Aragami is a stealth ninja game, the product of a small indie developer, Lince Works, located in Barcelona, Spain. Originally a student project titled Twin Souls: The Path of Shadows, Aragami stars a vengeful spirit summoned from the dead, who moves amongst the shadows to kill or infiltrate. Featuring a teleportation mechanic which many found unique, it’s time to see if the idea has legs or should have stayed in the past.
You Have Been Summoned
In Aragami, you play as the titular undead warrior, summoned by Yamiko, who requests your help to collect six talismans and turn the tide of battle. It’s an interesting story told mostly through short in-game cutscenes, and the campaign should last you approximately a dozen or so hours. In each mission, you are graded based on your performance, or for performing certain acts such as never being seen by the enemy, killing them all, or killing none.
As you play, you will find scrolls peppered throughout each level. Collect enough to unlock certain abilities to complement your play style, “Demon” or “Ghost.” Demon powers help you to kill more enemies, such as shadow shuriken for long-range kills, or creating a vortex to suck enemies through. Ghost powers help you to remain undetected, such as turning invisible for a few seconds, or creating a decoy with which to distract your enemies.
Aragami’s main call to fame is his teleportation power. Anywhere there is a shadow, you can hold R1 to bring up a reticle, and releasing the button will teleport you almost instantaneously to that location, provided you can reach it. This power is useful most of the time, but is occasionally frustrating to use, since ledges are difficult to aim to when you are below them. While the game has some open-endedness to it, for the most part you linearly go from checkpoint to checkpoint, which are sparsely spaced, resulting in the occasional repetitive section as you learn where all your enemies are, the hard way.
Stealth is your only hope at staying alive in Aragami, because a single swipe from any enemy will cause your demise. The good news here is that it is pretty easy to know when an enemy will be able to see you. If you’re within the sphere of a bright light, your cloak will glow red, and the back of your scarf will lose its glow, which doubles as an energy indicator. Run outside of the bright light’s influence, and your clothing will still be tinged red, but your energy will grow. Finally, enter some shadows, and your clothing will turn black, and enemies will not see you until it is too late.
Aragami is challenging, both by design and due to a few issues. The design of each of the game’s levels is actually puzzle-like. You have to take your time, and learn where enemies are, in order to either kill everyone or get past them all. The game does allow you to progress without clearing areas, something you can use to your advantage to quickly move through a level once you learn the enemies’ routes. However, for the most part you can actually hold L1 to sprint through large portions of levels, since even if an enemy sees you, they are slow to attack, and easy to lose. So, if you play the game as intended, you’ll be in for a challenge. But you can easily break through the game’s mechanics, a side effect of the game not punishing your play style.
One area of any game that is usually hit-or-miss is AI. Aragami’s AI is best described as inconsistent. In multiple playthroughs of the same level, sometimes an enemy will see you clear across the way, while other times he won’t see you until you are much closer. Usually, holding L2 to duck in the shadows will instantly get them off your trail, but other times they will walk towards where they last saw you. Enemies do consistently respond to dead bodies you leave around, though.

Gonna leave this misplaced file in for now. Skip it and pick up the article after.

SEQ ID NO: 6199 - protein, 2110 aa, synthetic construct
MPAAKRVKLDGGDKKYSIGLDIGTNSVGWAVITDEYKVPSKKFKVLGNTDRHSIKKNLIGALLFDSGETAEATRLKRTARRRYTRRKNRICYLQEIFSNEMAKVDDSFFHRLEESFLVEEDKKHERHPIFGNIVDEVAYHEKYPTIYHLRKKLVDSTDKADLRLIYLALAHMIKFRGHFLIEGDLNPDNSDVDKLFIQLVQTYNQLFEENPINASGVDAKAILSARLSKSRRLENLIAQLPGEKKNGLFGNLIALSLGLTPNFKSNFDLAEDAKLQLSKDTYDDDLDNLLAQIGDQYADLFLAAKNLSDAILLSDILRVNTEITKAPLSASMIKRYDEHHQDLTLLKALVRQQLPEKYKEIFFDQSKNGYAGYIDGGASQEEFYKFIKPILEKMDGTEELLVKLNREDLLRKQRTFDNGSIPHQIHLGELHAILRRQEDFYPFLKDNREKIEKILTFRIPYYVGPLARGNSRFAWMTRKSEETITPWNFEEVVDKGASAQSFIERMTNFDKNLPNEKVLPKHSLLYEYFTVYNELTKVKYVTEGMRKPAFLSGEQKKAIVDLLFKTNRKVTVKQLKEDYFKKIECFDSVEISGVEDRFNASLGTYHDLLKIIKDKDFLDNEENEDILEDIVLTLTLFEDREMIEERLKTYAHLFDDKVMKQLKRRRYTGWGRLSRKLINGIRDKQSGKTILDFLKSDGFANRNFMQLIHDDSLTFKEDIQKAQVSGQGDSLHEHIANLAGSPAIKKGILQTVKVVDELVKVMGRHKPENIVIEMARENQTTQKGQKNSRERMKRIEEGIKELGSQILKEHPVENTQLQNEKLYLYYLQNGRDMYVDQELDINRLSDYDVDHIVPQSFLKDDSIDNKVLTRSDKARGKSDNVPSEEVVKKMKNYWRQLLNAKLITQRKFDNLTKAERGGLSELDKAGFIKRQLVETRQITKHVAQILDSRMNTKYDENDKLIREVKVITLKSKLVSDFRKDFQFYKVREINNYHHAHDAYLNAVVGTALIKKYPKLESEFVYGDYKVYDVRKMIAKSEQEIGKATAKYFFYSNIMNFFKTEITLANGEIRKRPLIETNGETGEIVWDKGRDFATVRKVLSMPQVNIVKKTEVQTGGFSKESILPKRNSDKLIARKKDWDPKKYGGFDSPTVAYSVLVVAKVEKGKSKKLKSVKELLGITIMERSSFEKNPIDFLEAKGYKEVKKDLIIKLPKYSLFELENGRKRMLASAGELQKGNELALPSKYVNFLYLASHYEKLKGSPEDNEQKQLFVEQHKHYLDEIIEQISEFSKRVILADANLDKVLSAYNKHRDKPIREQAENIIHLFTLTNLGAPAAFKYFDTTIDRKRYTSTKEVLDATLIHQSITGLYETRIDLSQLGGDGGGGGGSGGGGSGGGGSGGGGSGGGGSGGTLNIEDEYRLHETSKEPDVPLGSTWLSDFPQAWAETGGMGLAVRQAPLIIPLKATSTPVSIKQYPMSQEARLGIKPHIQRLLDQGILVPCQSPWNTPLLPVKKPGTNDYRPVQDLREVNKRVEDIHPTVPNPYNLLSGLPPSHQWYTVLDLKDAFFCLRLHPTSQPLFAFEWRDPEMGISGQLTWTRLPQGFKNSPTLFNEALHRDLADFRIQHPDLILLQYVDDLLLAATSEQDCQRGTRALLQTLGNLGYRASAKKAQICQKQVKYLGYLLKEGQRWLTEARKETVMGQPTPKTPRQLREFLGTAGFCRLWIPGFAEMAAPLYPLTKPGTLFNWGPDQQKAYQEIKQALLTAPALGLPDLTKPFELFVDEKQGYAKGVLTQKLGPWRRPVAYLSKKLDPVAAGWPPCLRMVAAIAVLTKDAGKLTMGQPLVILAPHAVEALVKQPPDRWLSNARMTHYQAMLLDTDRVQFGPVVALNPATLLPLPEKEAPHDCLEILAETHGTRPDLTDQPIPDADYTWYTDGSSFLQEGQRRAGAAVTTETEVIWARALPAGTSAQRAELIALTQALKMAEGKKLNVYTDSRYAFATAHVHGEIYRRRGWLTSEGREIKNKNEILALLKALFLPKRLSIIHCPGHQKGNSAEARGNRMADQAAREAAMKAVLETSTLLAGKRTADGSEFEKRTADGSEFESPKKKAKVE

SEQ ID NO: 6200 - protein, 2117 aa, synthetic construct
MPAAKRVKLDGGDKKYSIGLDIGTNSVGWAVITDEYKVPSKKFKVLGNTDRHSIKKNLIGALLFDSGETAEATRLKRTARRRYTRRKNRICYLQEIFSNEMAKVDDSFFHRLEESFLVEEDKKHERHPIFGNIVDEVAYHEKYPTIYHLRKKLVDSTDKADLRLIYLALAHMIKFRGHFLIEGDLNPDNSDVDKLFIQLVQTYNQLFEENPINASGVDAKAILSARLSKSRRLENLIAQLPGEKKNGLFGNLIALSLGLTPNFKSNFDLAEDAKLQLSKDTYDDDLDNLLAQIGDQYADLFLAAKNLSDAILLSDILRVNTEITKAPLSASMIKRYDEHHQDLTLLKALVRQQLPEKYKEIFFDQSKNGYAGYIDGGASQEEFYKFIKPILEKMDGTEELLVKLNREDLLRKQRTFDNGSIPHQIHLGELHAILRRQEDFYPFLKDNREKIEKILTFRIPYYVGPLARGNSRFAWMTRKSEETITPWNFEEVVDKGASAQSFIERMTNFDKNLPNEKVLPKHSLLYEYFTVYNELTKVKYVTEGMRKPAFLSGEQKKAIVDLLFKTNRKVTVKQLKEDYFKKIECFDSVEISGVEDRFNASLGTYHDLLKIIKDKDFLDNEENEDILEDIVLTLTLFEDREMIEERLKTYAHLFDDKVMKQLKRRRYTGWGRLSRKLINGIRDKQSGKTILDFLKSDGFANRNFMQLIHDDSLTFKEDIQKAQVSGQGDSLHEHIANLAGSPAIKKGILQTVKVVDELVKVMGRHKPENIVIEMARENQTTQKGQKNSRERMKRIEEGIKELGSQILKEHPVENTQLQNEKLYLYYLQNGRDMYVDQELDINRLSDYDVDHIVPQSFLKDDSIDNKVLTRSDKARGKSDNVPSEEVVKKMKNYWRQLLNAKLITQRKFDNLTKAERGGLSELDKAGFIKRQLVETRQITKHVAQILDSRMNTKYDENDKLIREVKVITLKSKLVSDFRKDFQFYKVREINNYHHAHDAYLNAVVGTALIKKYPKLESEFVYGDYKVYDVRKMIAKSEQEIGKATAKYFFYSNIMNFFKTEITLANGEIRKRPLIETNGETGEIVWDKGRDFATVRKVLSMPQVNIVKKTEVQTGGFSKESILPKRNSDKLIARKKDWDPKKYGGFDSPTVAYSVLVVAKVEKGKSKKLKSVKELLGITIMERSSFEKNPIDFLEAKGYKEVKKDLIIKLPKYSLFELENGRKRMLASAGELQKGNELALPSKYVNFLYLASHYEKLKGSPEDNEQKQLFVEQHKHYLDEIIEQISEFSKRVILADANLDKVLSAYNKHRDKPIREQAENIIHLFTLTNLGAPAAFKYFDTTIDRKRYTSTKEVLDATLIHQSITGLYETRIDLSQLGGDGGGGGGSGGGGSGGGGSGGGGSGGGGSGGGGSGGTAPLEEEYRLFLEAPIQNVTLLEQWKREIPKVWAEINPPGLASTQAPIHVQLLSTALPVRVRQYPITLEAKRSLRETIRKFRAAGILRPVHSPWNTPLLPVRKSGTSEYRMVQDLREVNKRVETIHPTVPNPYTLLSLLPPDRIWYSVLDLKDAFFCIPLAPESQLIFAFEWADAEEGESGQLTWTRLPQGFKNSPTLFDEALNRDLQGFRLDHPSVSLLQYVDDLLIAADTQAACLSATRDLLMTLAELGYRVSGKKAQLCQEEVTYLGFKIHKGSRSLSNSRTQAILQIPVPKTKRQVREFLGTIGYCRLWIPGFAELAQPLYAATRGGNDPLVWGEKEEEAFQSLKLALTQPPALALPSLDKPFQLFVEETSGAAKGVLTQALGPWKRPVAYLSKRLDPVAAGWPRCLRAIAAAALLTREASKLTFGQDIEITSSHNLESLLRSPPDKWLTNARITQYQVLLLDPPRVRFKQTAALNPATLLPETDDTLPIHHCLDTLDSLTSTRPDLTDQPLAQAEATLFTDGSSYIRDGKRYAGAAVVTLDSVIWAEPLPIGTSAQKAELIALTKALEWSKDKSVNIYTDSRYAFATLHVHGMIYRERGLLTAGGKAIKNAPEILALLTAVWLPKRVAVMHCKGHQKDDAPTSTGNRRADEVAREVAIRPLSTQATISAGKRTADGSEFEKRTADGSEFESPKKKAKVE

A Couple of Hiccups
The Unity Engine is at a very mature stage of development these days, and Aragami certainly isn’t held back by the game engine, but perhaps by the small development team size instead. Aragami features a stylish design, which appears to be a bit too much to handle on occasion, as more intricate scenes cause the game to stutter noticeably. A patch is currently available at launch to alleviate some of these issues, but they are still prevalent at seemingly random times. It’s not game-breaking by any means, but will annoy those who are finicky about framerates out there.
Audio work in Aragami is serviceable, though voice volume in the game’s light cutscenes leaves much to be desired. There’s some hacking and slashing, enemy groans, water flows, and an overall light soundtrack which does the job. Since everyone in the game speaks Japanese, subtitles are on by default, which you’d need anyway since voice volume is so low even at the default maximum level.
Worth a Venture
Co-op makes a surprising appearance here, though it is online only and we were having issues connecting to the service; this may change when the game goes live. It’s always a nice inclusion to see, though, and only adds to the overall package on offer here. Beyond that, the game’s main source of replayability lies in its scoring system, whereby you earn points for kills, and lose them for being spotted or when enemies spot your kills. A clean assassin is a higher-scoring assassin!
Aragami is an interesting mix of genres. The experience is unfortunately dragged down a few notches by performance issues, though those will hopefully go away in the form of patches. With a campaign hovering around the dozen hour mark, and one which includes online Co-op, stealth fans will find their next fix in Aragami, for a reasonable asking price of $19.99/£19.99/€14.99. It’s a solid, stealth action game which should provide for an entertaining weekend full of quiet kills and stalking in the shadows.
Aragami review code provided by publisher. For more information on scoring please see our Review Policy here.